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A CurtainUp Review
Last of the Boys
Ben (Dan Kern) lives in a godforsaken trailer, the last holdout at a toxic waste site trailer park. He's the straight man to Jeeter's (Jack Hoffman) jokey, folksy guy. Jeeter has just come from Ben's father's funeral, which Ben, long estranged from his father whom he once idolized, did not attend. Closed off and introverted, Ben is tangled up in denial and regret. His head wanders into ghostly terrain, where he's a Robert McNamara effigy. Jeeter, an entertaining caricature who gets the porker's share of the funny lines, ominously, is not too forthcoming with his long time good buddy. Jeeter's new girlfriend, Salyer (Karen Peakes) and her mother, Lorraine (Susan Moses) who lost her husband to the Vietnam War, enter the good old boys' lives and the story commences. It is difficult for these guys to bond across a gulf that is not only personal, political, and stretched across time, but built into the structure of the play through different approaches to writing character.
It's hard for a director to deal with characters who seem to operate on different levels and it shows. The actors, with the sometime exception of Kern's sensitive approach to the obsessional Ben, do not so much inhabit their characters as indicate them. Peakes plays the Salyer role straight up as someone who has never made an inadvisable or impulsive move in her life, making it hard to fathom how this character has ever done the things she has done. The mother-daughter dynamic isn't developed, and Susan Moses, fairly feisty in the plummy Lorraine role, needs to cut loose.
The play's world premiere in 2004 at McCarter's well equipped Berlind Theatre benefited from inspired set and sound design, sophisticated direction and a brilliant Deborah Hedwall in the underwritten Lorraine role. I bring up this comparison because that production couldn't surmount the plays difficulties either. Matt Saunders' set at InterAct, like the lighting and sound design, is modest and literal. But the close proximity of the small stage to the audience goes a long way to compensate for what the production lacks in imaginative, allegorical dimensions. The space itself lends, gratis, a cozy yet unnerving immediacy, and the personal experience this allows the audience is a major strength of the show.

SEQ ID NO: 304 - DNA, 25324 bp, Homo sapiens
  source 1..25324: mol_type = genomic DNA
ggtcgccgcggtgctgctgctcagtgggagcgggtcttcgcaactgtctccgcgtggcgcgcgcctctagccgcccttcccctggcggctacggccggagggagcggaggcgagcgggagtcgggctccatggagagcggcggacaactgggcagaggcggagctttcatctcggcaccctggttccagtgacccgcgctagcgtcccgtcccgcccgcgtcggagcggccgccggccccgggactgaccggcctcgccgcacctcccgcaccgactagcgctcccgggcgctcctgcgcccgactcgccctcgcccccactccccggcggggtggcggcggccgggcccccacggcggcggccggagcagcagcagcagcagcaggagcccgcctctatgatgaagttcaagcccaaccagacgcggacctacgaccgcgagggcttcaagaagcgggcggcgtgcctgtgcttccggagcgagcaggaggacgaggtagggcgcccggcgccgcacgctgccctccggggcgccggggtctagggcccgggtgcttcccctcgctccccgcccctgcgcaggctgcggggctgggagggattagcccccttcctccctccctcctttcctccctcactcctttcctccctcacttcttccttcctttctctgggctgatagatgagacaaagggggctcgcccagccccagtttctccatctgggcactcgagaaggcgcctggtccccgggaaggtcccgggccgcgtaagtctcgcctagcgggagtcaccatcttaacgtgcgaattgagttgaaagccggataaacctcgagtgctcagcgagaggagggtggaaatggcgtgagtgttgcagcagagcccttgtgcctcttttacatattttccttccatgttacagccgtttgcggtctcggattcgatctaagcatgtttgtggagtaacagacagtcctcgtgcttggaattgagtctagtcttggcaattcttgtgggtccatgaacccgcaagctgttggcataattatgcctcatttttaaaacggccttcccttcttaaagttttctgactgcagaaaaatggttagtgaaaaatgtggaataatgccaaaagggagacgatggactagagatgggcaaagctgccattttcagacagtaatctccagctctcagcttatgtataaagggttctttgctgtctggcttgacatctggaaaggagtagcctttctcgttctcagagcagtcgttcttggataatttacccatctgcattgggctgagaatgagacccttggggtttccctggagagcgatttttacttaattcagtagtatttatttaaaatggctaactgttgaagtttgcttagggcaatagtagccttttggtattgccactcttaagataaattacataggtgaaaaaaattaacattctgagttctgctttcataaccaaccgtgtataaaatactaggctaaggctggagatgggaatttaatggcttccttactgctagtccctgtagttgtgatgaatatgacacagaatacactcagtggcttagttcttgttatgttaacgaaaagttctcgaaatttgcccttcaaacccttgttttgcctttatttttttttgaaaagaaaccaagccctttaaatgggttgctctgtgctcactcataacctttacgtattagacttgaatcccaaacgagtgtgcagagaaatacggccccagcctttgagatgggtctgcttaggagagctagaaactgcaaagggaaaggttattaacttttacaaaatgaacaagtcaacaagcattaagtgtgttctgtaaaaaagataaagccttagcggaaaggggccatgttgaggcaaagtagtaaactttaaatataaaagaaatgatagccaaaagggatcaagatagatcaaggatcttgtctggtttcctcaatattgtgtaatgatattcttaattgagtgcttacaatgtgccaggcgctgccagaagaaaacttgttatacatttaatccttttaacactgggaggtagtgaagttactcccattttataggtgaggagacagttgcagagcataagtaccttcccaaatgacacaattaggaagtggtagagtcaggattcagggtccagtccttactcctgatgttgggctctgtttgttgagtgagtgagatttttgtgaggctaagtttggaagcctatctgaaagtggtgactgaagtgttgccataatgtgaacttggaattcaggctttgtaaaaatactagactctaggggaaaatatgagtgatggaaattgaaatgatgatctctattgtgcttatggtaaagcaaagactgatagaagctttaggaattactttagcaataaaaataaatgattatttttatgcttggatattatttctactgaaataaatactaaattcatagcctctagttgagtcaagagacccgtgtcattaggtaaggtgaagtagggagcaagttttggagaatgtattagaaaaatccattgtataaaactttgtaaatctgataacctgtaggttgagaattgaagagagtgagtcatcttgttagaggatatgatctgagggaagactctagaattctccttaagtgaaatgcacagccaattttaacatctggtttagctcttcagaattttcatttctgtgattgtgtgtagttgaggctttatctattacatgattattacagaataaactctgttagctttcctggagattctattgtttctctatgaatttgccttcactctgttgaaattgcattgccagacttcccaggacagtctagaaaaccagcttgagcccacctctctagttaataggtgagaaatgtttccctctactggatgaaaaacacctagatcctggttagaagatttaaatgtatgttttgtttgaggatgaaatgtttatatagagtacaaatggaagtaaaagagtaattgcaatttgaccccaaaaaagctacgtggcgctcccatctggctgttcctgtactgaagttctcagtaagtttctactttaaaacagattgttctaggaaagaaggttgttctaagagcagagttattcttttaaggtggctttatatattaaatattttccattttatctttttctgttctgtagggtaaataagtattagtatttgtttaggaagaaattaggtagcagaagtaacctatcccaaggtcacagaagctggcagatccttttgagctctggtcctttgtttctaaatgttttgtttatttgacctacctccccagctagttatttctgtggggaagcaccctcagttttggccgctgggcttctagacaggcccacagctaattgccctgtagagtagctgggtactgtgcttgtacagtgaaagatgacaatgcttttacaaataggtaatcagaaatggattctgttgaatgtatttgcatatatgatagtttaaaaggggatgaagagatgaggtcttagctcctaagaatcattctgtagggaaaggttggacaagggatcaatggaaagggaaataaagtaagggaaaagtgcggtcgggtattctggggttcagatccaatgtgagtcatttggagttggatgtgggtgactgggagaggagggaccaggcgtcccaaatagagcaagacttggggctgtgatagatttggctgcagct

It is likely that parts of Last of the Boys have seen shaping during the three intervening years since McCarter, which have included a run at Steppenwolf. Its betrayals and paybacks seem more prominent than I remember, and there's more a feel of an impersonal war impacting on people's lives. But while mystery at the heart of a work can be desirable, the opaque and too convenient construction at this play's operational center remains impenetrable. The failure of the central metaphor, which involves the ghost element, may well be due to the fact that it must serve double duty, so the play's central problem, inextricably entwined in the story, is not resolved.
You have to admire InterAct as a time-tested, idiosyncratic, and committed repository of values that is not going to do feelgood work. Plays chosen for production here may be jewels or they may not, but they won't be lightweight and they won't be claptrap. InterAct has mounted two other Dietz plays, Lonely Planet and God's Country. Although the current production of an interesting and problematic Dietz play may want more punch, it is intimate and earnest, and its theme —unfortunately—still resonates big time these days, lending itself to post show discussions over beers. Last of the Boys has heart and it has legs, traveling legs that will be meandering their way across the country.
Last of the Boys--McCarter Theater Review
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